Teacher aides are available to assist the child more one-on-one. Speech and language therapists are available if the child is showing any particular need in these areas and can assist the child in improving these skills through programmes or special learning opportunities or experiences. Multidisciplinary teams are also available which can be a collaboration of various professionals and/or specialists to work alongside the child’s teachers/family to reach Part 2: A 4 year old child with a Hearing Impairment:
In the case of a child with a hearing impairment, certain changes need to be put in place within the preschool environment. The child may have one of three types of hearing impairment, and depending on the degree of deafness, their learning will be affected within the classroom setting. Staff must always be aware that there is a child with a hearing impairment, and in order to ensure every child is receiving equal learning opportunities, this child must be acknowledged and catered for.
The preschool environment is often a loud one, with a combination of voices, outside sounds and general class racket. This constant noise affects the child’s hearing and makes it difficult to fully understand certain words or parts of conversation. Teachers must remember to speak to children directly, resist pacing around a group and this will allow the student to participate in effective communication that is shared and encouraged. A necessary change would be introducing the appropriate policies and/or procedures.
Staff will need to maintain regular observation of the child, to identify any learning area that need to be addressed and also to ensure that the child is gaining the most they can from the preschool environment. Appropriate staff development includes ensuring that the child will be fully able to learn in the environment with the same given opportunities as any other child. The ideal staff member will have strong observation skills, a creative and flexible approach in regard to the best potential learning possibilities for the child, up-to-date planning and a good knowledge of children’s development.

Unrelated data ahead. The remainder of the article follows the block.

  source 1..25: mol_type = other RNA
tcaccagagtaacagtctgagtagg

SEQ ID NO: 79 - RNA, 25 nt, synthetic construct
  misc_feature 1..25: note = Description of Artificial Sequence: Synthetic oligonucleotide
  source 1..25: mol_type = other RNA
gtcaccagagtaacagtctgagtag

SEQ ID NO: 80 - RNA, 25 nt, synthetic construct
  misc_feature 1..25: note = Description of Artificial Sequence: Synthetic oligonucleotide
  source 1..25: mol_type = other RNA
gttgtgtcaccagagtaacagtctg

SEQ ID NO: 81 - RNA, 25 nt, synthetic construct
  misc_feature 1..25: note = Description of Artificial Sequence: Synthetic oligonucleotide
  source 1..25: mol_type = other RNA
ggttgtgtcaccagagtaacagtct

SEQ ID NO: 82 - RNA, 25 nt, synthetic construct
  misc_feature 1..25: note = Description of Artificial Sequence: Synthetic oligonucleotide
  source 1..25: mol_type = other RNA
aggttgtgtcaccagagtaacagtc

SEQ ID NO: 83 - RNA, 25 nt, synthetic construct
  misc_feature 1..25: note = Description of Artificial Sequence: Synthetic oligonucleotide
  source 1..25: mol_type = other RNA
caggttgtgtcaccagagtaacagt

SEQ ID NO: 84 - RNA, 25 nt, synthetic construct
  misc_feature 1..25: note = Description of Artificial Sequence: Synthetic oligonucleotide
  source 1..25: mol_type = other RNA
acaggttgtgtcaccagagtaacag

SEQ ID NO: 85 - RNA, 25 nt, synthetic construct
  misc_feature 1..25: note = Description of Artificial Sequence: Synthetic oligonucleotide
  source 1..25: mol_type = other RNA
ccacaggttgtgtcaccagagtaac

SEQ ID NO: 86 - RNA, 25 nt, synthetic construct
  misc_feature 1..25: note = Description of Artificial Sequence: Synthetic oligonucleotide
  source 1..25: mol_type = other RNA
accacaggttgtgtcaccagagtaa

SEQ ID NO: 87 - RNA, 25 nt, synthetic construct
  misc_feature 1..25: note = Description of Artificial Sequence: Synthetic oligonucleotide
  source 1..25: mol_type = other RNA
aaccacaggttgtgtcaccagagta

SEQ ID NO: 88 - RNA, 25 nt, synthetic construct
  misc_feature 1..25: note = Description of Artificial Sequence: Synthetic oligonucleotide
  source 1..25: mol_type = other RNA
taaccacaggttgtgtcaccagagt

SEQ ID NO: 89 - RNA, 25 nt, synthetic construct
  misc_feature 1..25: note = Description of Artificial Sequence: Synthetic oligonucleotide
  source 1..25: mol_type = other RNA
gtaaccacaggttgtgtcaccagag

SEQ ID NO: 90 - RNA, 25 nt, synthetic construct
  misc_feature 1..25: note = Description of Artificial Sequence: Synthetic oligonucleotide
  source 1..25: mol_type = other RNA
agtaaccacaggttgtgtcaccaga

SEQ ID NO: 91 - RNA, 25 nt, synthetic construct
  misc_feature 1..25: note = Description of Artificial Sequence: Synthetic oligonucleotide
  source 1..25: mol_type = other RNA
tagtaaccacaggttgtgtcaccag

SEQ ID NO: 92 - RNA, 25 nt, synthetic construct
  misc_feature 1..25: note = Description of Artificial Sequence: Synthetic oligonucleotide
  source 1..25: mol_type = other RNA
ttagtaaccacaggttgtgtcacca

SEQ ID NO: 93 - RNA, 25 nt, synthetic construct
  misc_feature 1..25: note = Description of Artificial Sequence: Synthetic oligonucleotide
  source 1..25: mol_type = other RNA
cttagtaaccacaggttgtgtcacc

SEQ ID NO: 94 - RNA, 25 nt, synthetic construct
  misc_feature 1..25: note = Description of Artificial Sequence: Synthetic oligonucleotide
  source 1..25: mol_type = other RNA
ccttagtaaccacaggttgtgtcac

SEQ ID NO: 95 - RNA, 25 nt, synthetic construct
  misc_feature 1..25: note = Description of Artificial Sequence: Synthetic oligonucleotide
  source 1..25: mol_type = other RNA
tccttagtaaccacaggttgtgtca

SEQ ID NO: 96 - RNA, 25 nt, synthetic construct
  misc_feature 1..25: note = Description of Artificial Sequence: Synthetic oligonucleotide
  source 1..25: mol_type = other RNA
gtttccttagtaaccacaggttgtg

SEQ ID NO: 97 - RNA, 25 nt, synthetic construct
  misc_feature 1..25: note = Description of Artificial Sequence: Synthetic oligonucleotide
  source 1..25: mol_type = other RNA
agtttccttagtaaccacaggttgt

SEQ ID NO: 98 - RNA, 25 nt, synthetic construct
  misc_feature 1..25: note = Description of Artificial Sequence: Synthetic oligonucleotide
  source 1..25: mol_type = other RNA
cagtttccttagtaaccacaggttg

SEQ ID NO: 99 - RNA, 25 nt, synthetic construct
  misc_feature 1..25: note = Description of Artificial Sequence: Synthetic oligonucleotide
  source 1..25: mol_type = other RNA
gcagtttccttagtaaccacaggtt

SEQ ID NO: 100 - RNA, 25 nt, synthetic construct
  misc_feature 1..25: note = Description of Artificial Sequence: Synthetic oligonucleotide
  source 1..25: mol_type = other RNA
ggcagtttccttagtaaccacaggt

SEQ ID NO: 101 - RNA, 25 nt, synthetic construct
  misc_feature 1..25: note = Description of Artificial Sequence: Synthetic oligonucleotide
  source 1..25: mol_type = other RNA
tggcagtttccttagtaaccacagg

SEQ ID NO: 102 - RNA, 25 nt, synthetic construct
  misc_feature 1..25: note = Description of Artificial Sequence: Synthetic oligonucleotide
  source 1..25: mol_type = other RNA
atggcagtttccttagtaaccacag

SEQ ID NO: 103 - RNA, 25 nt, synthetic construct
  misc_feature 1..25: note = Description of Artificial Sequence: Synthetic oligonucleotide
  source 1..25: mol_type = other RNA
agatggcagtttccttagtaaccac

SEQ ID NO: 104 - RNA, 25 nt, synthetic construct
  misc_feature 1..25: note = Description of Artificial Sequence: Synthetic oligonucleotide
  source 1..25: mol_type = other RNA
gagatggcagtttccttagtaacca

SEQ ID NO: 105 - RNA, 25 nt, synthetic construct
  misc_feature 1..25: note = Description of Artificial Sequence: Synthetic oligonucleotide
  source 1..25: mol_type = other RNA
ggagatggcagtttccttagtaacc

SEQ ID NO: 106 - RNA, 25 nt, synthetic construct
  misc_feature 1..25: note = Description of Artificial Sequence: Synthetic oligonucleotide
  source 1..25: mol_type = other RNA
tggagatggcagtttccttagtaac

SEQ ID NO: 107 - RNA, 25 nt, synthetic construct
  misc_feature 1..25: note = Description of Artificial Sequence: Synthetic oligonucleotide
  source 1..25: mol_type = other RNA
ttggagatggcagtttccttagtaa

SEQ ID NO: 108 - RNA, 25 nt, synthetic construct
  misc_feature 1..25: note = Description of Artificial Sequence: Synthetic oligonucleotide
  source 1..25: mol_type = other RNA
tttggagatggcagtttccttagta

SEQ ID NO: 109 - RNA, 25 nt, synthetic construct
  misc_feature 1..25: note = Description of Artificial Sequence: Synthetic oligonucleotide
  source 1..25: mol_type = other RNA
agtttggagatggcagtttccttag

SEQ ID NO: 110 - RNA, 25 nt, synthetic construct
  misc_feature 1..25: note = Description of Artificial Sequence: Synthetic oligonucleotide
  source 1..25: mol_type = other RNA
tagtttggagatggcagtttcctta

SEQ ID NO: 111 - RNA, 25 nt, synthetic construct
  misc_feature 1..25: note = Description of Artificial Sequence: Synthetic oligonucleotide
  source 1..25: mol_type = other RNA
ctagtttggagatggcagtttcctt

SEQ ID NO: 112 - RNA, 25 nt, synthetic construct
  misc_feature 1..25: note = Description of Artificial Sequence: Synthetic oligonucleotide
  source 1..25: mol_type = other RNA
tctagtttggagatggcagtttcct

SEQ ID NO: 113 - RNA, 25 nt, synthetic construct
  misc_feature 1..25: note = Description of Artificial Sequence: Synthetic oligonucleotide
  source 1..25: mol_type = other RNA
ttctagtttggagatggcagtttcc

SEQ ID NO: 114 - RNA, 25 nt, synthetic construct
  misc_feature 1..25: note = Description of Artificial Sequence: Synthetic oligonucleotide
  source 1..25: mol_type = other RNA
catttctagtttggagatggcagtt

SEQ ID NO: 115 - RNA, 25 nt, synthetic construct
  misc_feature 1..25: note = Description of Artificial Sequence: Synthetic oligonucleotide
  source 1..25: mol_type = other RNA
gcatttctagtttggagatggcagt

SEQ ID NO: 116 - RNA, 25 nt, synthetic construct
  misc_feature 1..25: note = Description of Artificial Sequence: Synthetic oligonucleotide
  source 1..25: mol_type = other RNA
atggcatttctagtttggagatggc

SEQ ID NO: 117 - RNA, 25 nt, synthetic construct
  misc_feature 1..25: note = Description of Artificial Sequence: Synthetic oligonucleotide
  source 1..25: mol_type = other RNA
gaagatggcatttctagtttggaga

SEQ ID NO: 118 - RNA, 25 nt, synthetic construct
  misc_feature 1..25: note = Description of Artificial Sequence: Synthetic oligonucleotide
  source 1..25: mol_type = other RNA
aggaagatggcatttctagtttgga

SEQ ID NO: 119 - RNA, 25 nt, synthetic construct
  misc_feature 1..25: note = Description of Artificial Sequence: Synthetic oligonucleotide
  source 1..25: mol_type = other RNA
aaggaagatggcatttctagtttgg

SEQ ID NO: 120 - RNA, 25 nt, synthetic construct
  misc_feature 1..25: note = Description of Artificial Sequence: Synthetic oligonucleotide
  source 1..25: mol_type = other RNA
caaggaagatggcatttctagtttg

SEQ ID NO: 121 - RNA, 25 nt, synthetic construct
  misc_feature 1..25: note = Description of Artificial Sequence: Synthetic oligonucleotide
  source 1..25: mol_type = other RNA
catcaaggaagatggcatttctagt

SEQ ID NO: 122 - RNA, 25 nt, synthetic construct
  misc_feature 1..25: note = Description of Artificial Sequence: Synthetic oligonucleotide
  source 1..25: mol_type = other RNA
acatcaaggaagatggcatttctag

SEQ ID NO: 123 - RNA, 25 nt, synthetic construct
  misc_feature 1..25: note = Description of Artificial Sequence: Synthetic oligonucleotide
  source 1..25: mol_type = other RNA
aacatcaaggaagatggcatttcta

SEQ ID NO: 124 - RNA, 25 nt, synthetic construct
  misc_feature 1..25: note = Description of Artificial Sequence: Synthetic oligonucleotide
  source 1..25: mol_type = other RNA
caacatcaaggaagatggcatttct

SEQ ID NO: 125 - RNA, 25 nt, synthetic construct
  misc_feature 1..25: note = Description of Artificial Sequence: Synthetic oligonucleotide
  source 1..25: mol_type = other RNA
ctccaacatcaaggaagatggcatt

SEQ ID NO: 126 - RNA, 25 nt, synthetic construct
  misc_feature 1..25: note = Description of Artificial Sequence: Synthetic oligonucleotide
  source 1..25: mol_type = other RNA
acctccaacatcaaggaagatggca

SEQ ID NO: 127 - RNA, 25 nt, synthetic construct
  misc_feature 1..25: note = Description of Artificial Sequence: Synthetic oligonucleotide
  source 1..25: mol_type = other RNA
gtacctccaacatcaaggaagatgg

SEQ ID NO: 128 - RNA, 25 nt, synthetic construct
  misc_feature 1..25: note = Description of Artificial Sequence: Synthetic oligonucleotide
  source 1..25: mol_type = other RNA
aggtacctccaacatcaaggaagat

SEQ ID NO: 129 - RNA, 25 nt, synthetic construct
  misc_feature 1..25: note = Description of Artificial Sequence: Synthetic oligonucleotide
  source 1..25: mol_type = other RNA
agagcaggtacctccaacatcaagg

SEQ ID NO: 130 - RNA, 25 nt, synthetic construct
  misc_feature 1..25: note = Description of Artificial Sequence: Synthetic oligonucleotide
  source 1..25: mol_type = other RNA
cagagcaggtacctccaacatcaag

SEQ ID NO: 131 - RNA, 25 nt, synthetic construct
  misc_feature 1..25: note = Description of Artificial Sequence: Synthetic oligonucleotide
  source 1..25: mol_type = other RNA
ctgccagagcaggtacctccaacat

All of these skills will most likely be present but it is important to build on them and continue to strengthen them. In having a child with a hearing impairment as part of the preschool environment, the preschool will have the option of collaborating with other educational, health and community agencies. Multidisciplinary teams are available and their skills involve observing the children with a sound knowledge of children’ development, a degree of planning and also attributes which include a creative and flexible approach.
Resource teachers who support literacy are specially trained teachers who support and work in schools. They also assist staff with helping children address their reading and writing difficulties. (Ministry of Education, 2003, p. 13). Support is additionally available through speech-language therapists, early intervention teachers and advisers on deaf children. As stated, “we work directly with children and collaboratively with families, whanau, educators and specialists from other Government agencies”, (Ministry of Education, 2004, p. ). Legal requirements of the preschool will include, following the current New Zealand Laws in regard to inclusion within the classroom setting. This includes ensuring that every child, including any child with any form of disability within the setting, is granted equal learning and educational opportunities. This also includes the right to access further assistance if any special education is needed to address learning disabilities or areas which require further assistance. Part 3: Summary